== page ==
On-campus interviews are an exciting milestone toward your goal of joining the legal profession. You’ve studied hard, compiled an impressive resume, and identified the law firms where you see yourself beginning your career. As you prepare to embark on a flurry of interviews, it’s important to keep your energy level high and stay healthy to ensure your personality and accomplishments can shine through.
So how exactly do you do that?
1. Get enough sleep
This is key to maintaining high energy and engagement with every interviewer throughout each day. Know and aim to stick to your optimal sleep hours. This means no late-night cramming, as tempting as that might be. Appearing fresh in front of your dream employer is far more important than remembering every fact about a particular firm.
At the end of each day, take five minutes to let your mind wind down. Pop in your ear buds and play some soothing music. Or write down tidbits from your interactions—maybe some follow-up items or a few things you’re grateful for. Try to fully decompress from your interviews to give yourself a break.
If you find yourself up in the middle of the night and panic starts to set in that you won’t fall back asleep before your alarm, check out a guided meditation like those on Calm.com. If thoughts about interviews pop into your head (e.g., I forgot to say X, or the perfect question for me to ask would be Y), get up, write them down, and try to get back to sleep.
2. Make healthy nutritional choices
Digestion uses a lot of your body’s precious energy, which will be put to much better use skilling an interview than processing junk food. A good first step is to be clear on what “healthy eating” means to you.
Maybe it’s a calorie-level or a preference for certain food groups over others. Or maybe you ascribe to a particular diet or dietary lifestyle like Paleo or Veganism. Putting some thought into your eating approach will allow you to make deliberate and determined rather than impulsive choices. You want your focus to be on your interviews and not the critical voice in your head that can go off when prompted by guilt or shame.
When you are overwhelmed or feeling stressed in any way, you may not make the best nutritional choices—not eating enough, eating too much, or eating comfort foods. Before even selecting your food, check in with your overall state of being (physical, mental, emotional, spiritual), pause, and re-set if you’re feeling out of whack. Confirm that you are, in fact, hungry and in need of food. If you need something other than food to fulfill hunger, choose a more helpful tool or resource (e.g., exercise, a nap, a quick meditation, etc.).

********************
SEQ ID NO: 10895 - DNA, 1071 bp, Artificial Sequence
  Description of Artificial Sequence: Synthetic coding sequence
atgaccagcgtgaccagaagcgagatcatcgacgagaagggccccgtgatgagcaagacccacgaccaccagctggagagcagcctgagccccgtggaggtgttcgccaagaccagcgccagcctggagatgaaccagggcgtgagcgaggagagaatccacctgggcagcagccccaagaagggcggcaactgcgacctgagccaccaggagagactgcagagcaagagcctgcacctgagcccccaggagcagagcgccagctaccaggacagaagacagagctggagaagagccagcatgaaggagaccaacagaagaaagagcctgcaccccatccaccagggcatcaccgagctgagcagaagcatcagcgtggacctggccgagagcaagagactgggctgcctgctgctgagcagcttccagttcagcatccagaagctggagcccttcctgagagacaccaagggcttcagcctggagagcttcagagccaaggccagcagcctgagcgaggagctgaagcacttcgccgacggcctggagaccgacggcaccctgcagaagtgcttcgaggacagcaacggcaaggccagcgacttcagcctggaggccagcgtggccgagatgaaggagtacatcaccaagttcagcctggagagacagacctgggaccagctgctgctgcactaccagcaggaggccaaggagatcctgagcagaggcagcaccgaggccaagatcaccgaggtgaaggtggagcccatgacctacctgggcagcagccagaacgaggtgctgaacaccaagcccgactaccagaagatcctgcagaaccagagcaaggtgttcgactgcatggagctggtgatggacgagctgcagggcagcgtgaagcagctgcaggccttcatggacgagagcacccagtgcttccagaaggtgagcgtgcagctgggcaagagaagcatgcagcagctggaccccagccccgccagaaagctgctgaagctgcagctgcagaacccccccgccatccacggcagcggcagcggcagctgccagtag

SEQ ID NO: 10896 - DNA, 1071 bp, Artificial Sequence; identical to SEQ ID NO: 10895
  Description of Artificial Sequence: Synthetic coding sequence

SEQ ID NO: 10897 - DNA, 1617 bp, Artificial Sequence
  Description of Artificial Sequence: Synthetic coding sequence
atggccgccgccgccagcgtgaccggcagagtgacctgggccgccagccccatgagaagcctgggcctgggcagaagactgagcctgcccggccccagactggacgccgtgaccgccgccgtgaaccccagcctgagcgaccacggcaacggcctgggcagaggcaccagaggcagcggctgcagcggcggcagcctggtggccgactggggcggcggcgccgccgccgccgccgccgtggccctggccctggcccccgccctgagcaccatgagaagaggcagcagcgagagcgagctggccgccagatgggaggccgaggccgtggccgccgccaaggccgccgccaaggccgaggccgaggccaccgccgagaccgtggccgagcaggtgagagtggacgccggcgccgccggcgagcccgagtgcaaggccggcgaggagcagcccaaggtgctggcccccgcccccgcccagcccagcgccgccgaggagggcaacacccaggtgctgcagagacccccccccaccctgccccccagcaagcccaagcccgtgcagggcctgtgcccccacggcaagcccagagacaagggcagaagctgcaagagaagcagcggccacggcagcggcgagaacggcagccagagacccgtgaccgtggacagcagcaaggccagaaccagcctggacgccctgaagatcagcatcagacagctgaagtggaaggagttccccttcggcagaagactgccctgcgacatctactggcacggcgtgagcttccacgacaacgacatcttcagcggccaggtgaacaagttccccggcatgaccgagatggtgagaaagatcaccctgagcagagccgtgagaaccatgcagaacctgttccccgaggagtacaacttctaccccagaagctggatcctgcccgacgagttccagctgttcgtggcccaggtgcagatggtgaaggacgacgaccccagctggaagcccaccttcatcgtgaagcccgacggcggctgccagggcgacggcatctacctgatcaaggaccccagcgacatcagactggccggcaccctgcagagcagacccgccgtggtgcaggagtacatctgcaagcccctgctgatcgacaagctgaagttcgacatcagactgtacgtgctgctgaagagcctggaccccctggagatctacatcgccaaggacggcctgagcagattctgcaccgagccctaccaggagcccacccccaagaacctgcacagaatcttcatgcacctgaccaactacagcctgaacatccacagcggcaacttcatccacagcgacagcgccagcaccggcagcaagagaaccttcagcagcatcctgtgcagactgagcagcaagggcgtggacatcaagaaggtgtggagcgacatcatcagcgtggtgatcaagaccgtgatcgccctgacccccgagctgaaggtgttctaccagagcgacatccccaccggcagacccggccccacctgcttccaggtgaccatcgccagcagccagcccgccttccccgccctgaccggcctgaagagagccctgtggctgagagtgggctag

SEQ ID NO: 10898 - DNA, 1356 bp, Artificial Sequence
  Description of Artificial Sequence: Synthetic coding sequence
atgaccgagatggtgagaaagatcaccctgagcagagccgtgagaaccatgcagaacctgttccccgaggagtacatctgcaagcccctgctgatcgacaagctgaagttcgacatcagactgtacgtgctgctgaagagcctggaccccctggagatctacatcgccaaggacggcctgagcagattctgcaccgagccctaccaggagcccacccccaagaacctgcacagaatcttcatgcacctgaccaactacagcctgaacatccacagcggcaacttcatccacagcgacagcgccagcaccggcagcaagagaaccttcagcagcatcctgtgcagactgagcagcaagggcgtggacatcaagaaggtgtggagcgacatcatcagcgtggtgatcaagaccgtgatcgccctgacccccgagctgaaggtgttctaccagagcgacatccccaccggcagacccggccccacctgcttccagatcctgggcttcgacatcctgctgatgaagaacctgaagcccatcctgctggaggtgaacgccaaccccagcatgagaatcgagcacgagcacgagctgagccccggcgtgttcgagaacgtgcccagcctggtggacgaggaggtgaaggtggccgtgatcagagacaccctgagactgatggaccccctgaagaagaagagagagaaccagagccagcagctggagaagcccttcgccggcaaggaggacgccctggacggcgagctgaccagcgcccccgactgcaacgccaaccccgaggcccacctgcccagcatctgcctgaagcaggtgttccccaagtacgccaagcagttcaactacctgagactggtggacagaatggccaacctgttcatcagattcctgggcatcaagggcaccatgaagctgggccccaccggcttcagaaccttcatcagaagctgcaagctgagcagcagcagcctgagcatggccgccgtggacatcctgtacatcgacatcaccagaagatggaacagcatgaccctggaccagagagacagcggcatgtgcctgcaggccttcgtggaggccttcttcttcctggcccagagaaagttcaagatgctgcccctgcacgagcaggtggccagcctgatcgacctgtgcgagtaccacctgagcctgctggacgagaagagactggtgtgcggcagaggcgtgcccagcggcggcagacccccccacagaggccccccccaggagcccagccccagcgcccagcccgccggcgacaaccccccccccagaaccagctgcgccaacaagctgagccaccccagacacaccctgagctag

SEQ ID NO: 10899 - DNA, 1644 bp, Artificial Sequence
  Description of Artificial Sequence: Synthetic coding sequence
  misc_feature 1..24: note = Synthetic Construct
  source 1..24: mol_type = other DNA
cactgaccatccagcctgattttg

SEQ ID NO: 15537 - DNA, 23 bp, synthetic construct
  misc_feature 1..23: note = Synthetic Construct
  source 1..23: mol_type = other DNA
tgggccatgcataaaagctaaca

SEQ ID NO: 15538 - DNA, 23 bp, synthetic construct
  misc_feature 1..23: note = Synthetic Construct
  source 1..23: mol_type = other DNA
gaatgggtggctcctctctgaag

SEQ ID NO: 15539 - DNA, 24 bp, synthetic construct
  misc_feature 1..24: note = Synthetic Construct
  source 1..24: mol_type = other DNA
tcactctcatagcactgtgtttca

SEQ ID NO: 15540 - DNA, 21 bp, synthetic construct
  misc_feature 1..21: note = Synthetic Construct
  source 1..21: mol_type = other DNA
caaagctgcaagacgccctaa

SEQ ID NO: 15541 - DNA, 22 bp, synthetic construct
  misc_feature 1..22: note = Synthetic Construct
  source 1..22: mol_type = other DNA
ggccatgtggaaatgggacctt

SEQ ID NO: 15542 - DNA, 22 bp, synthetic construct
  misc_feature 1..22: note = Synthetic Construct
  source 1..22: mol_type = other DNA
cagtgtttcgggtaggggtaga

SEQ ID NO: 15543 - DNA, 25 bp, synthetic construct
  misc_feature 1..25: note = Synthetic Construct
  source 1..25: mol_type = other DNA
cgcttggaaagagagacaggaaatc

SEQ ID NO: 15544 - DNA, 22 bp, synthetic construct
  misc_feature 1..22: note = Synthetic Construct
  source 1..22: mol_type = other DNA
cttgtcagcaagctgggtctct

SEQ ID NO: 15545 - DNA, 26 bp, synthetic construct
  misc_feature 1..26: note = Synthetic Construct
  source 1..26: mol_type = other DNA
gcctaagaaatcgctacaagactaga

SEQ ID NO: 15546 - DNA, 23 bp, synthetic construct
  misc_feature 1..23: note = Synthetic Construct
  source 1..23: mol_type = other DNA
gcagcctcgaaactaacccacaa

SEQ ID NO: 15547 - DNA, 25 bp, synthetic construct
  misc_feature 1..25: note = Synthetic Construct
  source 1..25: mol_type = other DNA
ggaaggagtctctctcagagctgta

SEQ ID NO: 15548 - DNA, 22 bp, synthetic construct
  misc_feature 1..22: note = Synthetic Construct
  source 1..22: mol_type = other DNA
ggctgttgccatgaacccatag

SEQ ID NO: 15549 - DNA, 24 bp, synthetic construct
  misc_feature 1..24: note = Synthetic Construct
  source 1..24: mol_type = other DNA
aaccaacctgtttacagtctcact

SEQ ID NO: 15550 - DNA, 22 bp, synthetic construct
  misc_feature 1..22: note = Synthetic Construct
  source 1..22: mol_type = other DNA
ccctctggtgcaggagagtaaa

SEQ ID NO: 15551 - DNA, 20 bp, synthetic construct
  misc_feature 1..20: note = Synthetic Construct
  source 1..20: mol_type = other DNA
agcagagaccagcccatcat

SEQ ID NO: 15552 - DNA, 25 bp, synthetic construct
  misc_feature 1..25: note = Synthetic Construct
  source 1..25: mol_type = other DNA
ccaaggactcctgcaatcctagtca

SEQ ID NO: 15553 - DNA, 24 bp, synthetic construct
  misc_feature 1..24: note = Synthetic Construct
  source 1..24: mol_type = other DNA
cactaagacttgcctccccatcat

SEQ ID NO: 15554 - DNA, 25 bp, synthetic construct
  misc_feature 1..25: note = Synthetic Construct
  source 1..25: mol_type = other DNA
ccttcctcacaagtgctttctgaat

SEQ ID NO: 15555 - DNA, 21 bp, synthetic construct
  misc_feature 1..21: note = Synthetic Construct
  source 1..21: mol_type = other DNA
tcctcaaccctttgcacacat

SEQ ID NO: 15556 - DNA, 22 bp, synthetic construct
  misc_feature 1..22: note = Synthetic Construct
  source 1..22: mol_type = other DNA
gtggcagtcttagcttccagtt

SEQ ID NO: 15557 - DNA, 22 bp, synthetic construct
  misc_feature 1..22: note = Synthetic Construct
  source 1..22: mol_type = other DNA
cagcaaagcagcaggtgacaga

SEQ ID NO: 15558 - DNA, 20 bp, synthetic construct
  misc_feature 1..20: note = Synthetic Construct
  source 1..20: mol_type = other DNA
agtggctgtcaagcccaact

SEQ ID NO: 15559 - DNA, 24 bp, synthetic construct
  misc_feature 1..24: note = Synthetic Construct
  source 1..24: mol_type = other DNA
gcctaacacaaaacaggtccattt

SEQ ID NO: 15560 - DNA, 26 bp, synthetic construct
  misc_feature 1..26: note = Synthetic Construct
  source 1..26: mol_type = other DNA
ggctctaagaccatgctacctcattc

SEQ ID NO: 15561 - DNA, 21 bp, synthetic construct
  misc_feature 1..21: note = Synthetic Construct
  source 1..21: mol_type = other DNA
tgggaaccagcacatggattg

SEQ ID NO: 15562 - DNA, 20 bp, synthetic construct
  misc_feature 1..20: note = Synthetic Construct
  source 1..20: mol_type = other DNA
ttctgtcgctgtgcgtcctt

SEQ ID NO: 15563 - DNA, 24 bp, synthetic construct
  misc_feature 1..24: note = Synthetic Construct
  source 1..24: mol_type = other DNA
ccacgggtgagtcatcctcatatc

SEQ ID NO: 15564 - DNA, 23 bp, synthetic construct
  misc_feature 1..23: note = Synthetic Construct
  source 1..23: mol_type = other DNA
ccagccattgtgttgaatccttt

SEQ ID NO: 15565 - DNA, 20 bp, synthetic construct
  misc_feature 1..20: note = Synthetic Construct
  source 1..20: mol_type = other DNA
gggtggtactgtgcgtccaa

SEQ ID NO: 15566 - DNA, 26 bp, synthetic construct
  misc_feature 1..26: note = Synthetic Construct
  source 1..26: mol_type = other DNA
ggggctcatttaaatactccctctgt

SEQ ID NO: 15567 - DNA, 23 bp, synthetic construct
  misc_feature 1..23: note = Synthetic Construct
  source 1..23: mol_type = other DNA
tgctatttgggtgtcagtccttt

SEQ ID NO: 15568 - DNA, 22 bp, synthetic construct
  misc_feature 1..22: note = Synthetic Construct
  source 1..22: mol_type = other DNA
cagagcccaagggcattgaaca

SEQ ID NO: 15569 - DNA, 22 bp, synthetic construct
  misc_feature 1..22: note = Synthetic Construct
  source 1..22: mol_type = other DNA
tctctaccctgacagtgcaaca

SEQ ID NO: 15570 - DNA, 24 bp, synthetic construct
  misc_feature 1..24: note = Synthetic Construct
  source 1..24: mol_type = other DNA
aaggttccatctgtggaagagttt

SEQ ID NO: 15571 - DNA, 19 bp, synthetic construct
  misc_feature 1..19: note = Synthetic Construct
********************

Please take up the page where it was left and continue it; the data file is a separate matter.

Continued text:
To stay energized between interviews, choose a healthy snack over another serving of caffeine or sugar, which can cause you to feel jumpy and then potentially crash—not optimal for an interview. It’s a good idea to come prepared with non-perishable items such as raw almonds or packets of almond butter to slather on a banana, low sugar and minimally processed protein bars, and grass-fed beef jerky. And don’t forget to bring your BPA-free water bottle to stay hydrated on the go.
3. Meditate or practice breathwork
Practicing deep breathing or meditating are two powerful ways to stay on top of stress. Starting your day with a relaxed nervous system sets the tone for going slow and taking pauses as you navigate many experiences and decisions. Create a powerful pause with your breath, and you’ll equip yourself to make more conscious decisions by giving yourself the space to step back from your impulses. This also helps in interviews if you need a minute to collect your thoughts before answering a tough question.